Fertel taught for two semesters. In 1948, the former Ruth Ann Adstad married Rodney Fertel who lived in Baton Rouge and shared her love of horses. They had two sons, Jerry and Randy. They opened a racing stable in Baton Rouge. Ruth Fertel earned a thoroughbred trainer’s license, making her the first female horse trainer in Louisiana. Ruth and Rodney Fertel divorced in 1958. In 1965, Ruth Fertel spotted an ad in the New Orleans Times-Picayune selling a steak house. She mortgaged her home for US$22, 000 to purchase Chris Steak House, a 60-seat restaurant on the corner of Broad and Ursuline in New Orleans, near the fairgrounds racetrack.
In September of 1965, the city of New Orleans was ravaged by Hurricane Betsy just a few months after Fertel purchased Chris Steak House. The restaurant was left without power, so she cooked everything she had and brought it to her brother in devastated Plaquemines Parish to aid in the relief effort. In 1976, the thriving restaurant was destroyed in a kitchen fire. Fertel bought a new property a few blocks away on Broad Street and soon opened under a new name, ” Ruth’s Chris Steak House,” since her original contract with former owner, Chris Matulich, precluded her from using the name Chris Steak House in a different location.
After years of failed attempts, Tom Moran, a regular customer and business owner from Baton Rouge, convinced a hesitant Fertei to let him open the first Ruth’s Chris franchise in 1976. It opened on Airline Highway in Baton Rouge. Fertei reluctantly began awarding more and more franchises, in the 1980s, the little corner steak house grew into a global phenomenon with restaurants opening every year in cities around the nation and the world.
Fertei became something of an icon herself and was dubbed by her peers The First Lady of American Restaurants ‘ Ruth’s Chris grew to become the largest fine dining steak house in the United States (see Exhibit 1) with its focus on an unwavering commitment to customer satisfaction and its broad selection of USDA Prime grade steaks (USDA Prime is a meat grade label that refers to evenly distributed marbling that enhances the flavor of the steak).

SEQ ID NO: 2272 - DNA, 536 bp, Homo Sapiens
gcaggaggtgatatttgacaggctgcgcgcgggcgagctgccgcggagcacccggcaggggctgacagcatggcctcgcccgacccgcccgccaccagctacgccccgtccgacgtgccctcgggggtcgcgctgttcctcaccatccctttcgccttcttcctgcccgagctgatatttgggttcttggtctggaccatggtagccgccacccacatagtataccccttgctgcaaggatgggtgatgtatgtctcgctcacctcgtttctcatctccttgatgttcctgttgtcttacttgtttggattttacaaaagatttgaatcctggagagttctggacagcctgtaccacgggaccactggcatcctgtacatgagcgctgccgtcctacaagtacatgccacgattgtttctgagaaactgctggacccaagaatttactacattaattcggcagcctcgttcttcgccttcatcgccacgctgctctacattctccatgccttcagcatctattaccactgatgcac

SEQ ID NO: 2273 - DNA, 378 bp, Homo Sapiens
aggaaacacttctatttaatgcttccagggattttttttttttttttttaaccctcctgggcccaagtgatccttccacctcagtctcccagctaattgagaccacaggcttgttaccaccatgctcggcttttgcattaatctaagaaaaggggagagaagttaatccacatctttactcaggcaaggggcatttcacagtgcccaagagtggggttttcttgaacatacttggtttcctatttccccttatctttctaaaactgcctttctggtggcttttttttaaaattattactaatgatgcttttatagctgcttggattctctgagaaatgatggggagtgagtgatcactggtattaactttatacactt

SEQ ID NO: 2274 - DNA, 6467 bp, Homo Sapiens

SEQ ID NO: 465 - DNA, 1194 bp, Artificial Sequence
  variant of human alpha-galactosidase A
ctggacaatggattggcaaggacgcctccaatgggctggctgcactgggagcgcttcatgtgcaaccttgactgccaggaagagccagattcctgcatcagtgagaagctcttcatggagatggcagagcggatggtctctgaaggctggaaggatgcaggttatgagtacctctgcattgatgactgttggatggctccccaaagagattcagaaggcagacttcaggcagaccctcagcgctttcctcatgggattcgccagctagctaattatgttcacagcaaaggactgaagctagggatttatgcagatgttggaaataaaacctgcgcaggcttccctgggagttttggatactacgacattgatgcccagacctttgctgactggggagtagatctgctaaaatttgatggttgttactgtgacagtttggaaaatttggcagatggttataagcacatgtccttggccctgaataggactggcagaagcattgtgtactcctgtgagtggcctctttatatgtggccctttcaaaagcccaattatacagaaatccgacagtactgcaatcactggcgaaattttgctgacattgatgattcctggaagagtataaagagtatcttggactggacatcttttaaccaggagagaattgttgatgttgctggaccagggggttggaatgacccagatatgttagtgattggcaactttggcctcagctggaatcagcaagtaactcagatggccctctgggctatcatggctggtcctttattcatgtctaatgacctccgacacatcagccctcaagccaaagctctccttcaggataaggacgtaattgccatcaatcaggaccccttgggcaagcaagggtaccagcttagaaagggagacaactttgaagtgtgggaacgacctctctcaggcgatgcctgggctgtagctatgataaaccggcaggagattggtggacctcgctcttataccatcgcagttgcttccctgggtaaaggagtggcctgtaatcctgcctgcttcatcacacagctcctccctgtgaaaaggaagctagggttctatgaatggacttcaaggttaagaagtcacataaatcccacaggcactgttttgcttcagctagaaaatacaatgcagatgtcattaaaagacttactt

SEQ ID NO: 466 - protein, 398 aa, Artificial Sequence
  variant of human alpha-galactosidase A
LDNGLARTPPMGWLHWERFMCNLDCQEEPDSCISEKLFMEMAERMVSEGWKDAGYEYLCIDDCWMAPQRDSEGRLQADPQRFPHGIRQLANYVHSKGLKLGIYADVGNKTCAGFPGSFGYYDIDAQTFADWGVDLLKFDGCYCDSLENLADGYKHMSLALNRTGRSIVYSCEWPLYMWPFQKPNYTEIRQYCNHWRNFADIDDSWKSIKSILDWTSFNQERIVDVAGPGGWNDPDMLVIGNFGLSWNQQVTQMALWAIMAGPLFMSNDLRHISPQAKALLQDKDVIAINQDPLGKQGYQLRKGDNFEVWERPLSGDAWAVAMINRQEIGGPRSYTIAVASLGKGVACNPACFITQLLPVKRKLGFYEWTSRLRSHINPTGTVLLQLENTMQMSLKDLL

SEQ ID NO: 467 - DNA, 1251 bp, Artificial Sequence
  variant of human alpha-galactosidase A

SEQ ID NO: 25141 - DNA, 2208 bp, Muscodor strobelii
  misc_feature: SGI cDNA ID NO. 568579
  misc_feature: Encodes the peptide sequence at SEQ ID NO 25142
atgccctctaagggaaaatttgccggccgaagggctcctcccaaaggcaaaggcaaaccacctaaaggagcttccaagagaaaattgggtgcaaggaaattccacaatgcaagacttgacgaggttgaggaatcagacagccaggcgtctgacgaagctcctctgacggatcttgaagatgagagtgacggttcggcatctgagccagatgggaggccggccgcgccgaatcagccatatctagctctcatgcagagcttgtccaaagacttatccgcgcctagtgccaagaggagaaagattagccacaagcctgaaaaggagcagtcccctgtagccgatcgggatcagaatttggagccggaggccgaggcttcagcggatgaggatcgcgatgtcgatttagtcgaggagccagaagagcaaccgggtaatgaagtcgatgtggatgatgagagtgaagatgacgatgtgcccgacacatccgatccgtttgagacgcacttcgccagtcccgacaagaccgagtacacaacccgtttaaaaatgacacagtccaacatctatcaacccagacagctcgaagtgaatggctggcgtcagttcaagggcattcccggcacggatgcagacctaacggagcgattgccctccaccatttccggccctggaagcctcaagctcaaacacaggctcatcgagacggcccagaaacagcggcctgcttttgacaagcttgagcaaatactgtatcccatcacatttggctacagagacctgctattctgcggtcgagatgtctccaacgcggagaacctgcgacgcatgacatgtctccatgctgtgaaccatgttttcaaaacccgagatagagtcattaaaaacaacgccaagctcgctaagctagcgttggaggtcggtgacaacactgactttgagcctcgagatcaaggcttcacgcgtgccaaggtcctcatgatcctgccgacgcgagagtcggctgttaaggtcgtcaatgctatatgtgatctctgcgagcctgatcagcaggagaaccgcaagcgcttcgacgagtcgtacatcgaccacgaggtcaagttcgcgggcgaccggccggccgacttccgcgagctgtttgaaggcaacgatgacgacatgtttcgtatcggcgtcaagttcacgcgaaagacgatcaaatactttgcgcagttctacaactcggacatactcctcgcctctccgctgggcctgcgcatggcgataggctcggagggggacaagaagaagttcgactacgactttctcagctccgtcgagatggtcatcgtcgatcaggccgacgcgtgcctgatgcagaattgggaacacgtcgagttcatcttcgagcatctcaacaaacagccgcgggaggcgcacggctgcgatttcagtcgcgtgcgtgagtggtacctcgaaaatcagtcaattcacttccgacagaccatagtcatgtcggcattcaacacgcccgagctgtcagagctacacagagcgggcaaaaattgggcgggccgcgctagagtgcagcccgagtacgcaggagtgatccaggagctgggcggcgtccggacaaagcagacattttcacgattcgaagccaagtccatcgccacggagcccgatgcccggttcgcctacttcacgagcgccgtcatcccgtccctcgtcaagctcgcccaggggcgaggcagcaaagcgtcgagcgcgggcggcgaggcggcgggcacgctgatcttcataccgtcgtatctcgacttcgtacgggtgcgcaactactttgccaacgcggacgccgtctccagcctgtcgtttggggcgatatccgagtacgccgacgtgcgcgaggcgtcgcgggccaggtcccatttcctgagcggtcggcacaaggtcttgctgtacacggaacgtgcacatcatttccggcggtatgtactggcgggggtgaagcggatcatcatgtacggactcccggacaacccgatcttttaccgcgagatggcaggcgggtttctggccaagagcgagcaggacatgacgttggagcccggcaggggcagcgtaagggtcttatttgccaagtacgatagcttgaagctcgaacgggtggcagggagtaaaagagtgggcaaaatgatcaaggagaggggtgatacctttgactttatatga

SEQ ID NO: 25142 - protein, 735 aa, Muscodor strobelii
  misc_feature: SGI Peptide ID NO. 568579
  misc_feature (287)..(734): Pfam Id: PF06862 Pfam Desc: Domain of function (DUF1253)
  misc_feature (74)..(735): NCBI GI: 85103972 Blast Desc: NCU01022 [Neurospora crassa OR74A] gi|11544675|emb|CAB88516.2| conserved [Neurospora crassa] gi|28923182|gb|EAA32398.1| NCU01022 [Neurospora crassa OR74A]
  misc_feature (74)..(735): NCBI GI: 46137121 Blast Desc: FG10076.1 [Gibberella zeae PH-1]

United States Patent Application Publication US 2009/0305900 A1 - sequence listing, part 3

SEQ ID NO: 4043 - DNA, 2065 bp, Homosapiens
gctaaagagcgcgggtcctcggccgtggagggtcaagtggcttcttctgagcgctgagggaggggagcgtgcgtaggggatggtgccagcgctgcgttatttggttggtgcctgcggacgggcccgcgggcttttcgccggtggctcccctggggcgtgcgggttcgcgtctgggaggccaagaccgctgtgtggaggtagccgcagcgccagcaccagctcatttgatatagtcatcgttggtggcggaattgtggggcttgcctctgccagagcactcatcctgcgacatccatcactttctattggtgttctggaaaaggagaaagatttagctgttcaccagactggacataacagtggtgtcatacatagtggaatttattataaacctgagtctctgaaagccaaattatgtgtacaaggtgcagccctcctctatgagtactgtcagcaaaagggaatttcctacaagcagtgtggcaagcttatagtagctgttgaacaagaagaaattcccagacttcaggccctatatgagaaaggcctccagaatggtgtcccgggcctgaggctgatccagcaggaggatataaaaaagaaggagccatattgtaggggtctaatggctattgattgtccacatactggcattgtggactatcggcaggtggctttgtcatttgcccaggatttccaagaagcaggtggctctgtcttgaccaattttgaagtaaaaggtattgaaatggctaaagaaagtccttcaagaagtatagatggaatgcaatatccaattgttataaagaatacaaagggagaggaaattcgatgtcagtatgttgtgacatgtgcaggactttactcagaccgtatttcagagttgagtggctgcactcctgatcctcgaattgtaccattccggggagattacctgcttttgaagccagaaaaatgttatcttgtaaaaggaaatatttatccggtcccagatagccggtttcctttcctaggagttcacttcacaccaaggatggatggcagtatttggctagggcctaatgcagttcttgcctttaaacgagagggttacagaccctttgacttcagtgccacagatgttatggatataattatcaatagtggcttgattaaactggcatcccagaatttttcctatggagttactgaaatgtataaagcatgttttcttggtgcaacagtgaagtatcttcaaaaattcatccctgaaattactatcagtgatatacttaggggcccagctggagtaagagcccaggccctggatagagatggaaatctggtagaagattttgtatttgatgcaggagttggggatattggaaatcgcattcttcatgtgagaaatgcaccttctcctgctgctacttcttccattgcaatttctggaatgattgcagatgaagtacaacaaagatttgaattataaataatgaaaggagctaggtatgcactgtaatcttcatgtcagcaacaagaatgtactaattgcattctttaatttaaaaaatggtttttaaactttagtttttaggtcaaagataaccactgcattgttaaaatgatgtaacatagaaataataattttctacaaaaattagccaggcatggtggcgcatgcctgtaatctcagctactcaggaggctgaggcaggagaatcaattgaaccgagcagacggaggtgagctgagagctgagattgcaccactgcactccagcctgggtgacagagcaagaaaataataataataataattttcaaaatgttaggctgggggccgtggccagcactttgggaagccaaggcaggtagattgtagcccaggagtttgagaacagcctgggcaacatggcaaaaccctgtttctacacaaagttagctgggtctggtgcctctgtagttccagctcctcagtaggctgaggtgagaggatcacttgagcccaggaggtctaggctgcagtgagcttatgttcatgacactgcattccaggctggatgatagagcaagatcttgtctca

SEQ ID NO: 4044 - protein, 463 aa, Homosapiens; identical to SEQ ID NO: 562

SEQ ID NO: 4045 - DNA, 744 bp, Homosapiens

The menu also included premium quality lamb chops, veal chops, fish, chicken and lobster. Steak and seafood combinations and a vegetable platter were also available at selected restaurants. Dinner entrees were generally priced between US$18 to US$38. Three company-owned restaurants were open for lunch and offered entrees generally ranging in price from US$11 to US$24. The Ruth’s Chris core menu was similar at all of its restaurants.
The company occasionally introduced new items as specials that allowed the restaurant to offer its guests additional choices, such as items inspired by Ruth’s Chris New Orleans heritage. 1 In 2005, Ruth’s Chris enjoyed a significant milestone, completing a successful IPO that raised more than US$154 million in new equity capital, in their 2005 Annual Report, the company said it had plans ” to embark on an accelerated development plan and expand our footprint through both company-owned and franchised locations.”
2005 restaurant sales grew to a record US$415. 8 million from 82 locations in the United States and 10 international locations including Canada (1995, 2003), Hong Kong (1997, 2001), Mexico (1993, 1996, 2001) and Taiwan (1993, 1996, 2001). As of December 2005, 41 of the 92 Ruth’s Chris restaurants were company-owned and 51 were franchisee-owned, including all 10 of the international restaurants (see Exhibit 2).